Vital Signs

New Media Savants Check the Pulse of Silicon Alley

The worst thing would be for the Web industry to lose sight of the power of the link, under the illusory sway of "digital convergence." One of the most dangerous secondary effects of the media concentrations of late is the steady pushing of the Web towards television, moving us from the engaged pursuits of hypertext to the narcotic allure of images. The Web was supposed to be the antidote to television, and it was the link itself that made that promise conceivable. If we lose interest in the Web's linkages, we'll risk trashing the most extraordinary media revolution of the last century.

MARK TRIBE, founder and executive director of and founder and chairman of

In the old media world, artists got day jobs as waiters. Today, they can make twice as much and get access to great equipment in the bargain. So there's a lot of cross-pollination between the art world and Silicon Alley. This is especially important for artists who use new media in their work. Most of the net.artists I know in New York have high-paying day jobs at places like Razorfish that help them support the high cost of living in this city. And organizations that support, like, are starting to get strong financial support from Silicon Alley companies. The IT revolution is also helping artists who work with traditional media like painting by creating new online markets for their work ( is a good example of this).

Ask not what technology can do for artists; ask what artists can do for technology. Historically, artists have always been leading adopters of emerging technologies, from photography to the Web. Unlike engineers and entrepreneurs, who tend to use new technologies in obvious ways, artists tend to use them in ways that were never intended. In the process, artists find new applications and approaches that trickle up to science and industry. More importantly, artists help us understand the meanings of new technologies and their impact on our lives.

J.J. GIFFORD, programmer at Funny Garbage at a leading interactive-media design studio

Today's programmers spend much of their time tracking bugs caused by subtle mistakes encouraged by the arcane syntax and structures common in today's most popular languages. Somebody someday will design a language whose truly simple but powerful syntax actually helps programmers avoid such mistakes so they can spend their time not chasing bugs but focusing on system architecture and well-designed feature sets. Development cycles will be radically shorter, more amenable to actual user feedback, and software will be genuinely easier to use.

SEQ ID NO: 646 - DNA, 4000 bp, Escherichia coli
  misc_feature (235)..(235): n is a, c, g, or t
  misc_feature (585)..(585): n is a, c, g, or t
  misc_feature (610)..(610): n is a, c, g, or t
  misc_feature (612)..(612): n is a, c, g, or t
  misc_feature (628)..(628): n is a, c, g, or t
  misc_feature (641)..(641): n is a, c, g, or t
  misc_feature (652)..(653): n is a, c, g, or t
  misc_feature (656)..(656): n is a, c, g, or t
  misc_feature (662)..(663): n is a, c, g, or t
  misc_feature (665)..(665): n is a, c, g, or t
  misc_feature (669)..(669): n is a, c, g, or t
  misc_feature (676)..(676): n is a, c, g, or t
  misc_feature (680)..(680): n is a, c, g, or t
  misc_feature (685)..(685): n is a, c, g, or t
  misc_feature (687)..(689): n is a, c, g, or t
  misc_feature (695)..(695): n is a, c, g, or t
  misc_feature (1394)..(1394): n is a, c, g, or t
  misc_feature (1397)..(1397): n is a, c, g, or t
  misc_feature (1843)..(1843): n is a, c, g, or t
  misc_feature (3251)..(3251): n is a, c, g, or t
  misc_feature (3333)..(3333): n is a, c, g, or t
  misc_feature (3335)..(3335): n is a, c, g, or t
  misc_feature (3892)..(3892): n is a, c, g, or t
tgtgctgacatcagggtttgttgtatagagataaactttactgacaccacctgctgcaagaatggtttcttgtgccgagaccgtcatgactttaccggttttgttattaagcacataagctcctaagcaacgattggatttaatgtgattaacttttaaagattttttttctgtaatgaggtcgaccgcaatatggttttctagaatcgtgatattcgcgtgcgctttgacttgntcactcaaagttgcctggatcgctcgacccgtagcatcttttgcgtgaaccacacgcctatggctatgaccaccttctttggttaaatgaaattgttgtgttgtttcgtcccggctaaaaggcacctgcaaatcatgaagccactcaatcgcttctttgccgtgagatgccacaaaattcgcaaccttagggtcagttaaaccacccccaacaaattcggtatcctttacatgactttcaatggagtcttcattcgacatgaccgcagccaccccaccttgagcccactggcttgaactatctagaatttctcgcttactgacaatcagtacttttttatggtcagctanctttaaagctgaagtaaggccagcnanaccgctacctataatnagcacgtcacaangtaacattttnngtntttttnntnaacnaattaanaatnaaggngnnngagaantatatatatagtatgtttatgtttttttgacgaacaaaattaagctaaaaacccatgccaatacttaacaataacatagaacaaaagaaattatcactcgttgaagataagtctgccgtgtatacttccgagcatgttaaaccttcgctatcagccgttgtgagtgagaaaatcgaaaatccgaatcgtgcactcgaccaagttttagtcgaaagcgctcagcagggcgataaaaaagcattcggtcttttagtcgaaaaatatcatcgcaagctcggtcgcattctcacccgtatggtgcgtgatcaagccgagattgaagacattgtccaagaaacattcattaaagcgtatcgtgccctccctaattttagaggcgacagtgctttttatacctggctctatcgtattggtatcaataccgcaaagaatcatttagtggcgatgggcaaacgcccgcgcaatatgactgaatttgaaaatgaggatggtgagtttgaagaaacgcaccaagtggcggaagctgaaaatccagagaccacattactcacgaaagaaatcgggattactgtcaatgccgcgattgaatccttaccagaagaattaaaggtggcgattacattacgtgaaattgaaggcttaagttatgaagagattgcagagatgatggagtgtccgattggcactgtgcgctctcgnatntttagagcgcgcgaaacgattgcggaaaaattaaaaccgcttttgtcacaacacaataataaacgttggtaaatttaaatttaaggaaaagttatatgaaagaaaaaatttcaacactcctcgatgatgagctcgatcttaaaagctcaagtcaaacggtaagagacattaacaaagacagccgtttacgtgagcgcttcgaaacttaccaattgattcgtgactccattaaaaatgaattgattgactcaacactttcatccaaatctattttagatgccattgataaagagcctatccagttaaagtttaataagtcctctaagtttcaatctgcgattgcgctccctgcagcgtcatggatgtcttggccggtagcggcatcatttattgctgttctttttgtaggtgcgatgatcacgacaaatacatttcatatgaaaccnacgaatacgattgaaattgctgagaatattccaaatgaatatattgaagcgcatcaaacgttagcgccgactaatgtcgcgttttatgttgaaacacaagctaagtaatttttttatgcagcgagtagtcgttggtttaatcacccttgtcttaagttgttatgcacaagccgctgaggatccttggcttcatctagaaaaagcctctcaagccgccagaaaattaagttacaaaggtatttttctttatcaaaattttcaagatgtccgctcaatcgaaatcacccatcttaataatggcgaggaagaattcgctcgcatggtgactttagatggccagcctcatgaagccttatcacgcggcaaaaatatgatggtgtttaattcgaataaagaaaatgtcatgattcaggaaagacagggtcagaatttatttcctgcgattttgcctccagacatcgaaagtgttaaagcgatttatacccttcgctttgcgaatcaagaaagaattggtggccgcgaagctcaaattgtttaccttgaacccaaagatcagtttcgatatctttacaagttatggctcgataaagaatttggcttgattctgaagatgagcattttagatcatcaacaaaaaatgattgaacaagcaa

J.C. HERZ, video game columnist for The New York Times

There are a lot of talented game designers who would rather make bad movies than great games. They're jealous [of Hollywood], because they just get to play with busty virtual characters, whereas film directors get to screw aspiring starlets. They need to get over it. They're making more money than the Hollywood box office. They're creating the most powerful art form of the 21st century. And they have the best toys.


The Internet has once again leveled the playing field, in the same way that the advent of inexpensive, easily accessible musical instruments fueled the growth of rock and roll in the '50s and '60s. Later, in the '70s and '80s, cheap home-recording equipment empowered a new generation of musicians to create the music they wanted on their own terms.

I see the Internet as the next and greatest leap in that continuing trend toward empowering both musicians and listeners because it puts more power to create at more people's fingertips. If I started a new band tomorrow, we would have to get a computer before we could afford a van.

The next coolest thing for music is wireless technology—it's going to make digital music ubiquitous in daily life. Digital audio is going mobile through handheld devices, cell phones, and other new technologies. We can deliver event-based data such as concert times and up-to-the-minute music news wirelessly. Wireless rules.

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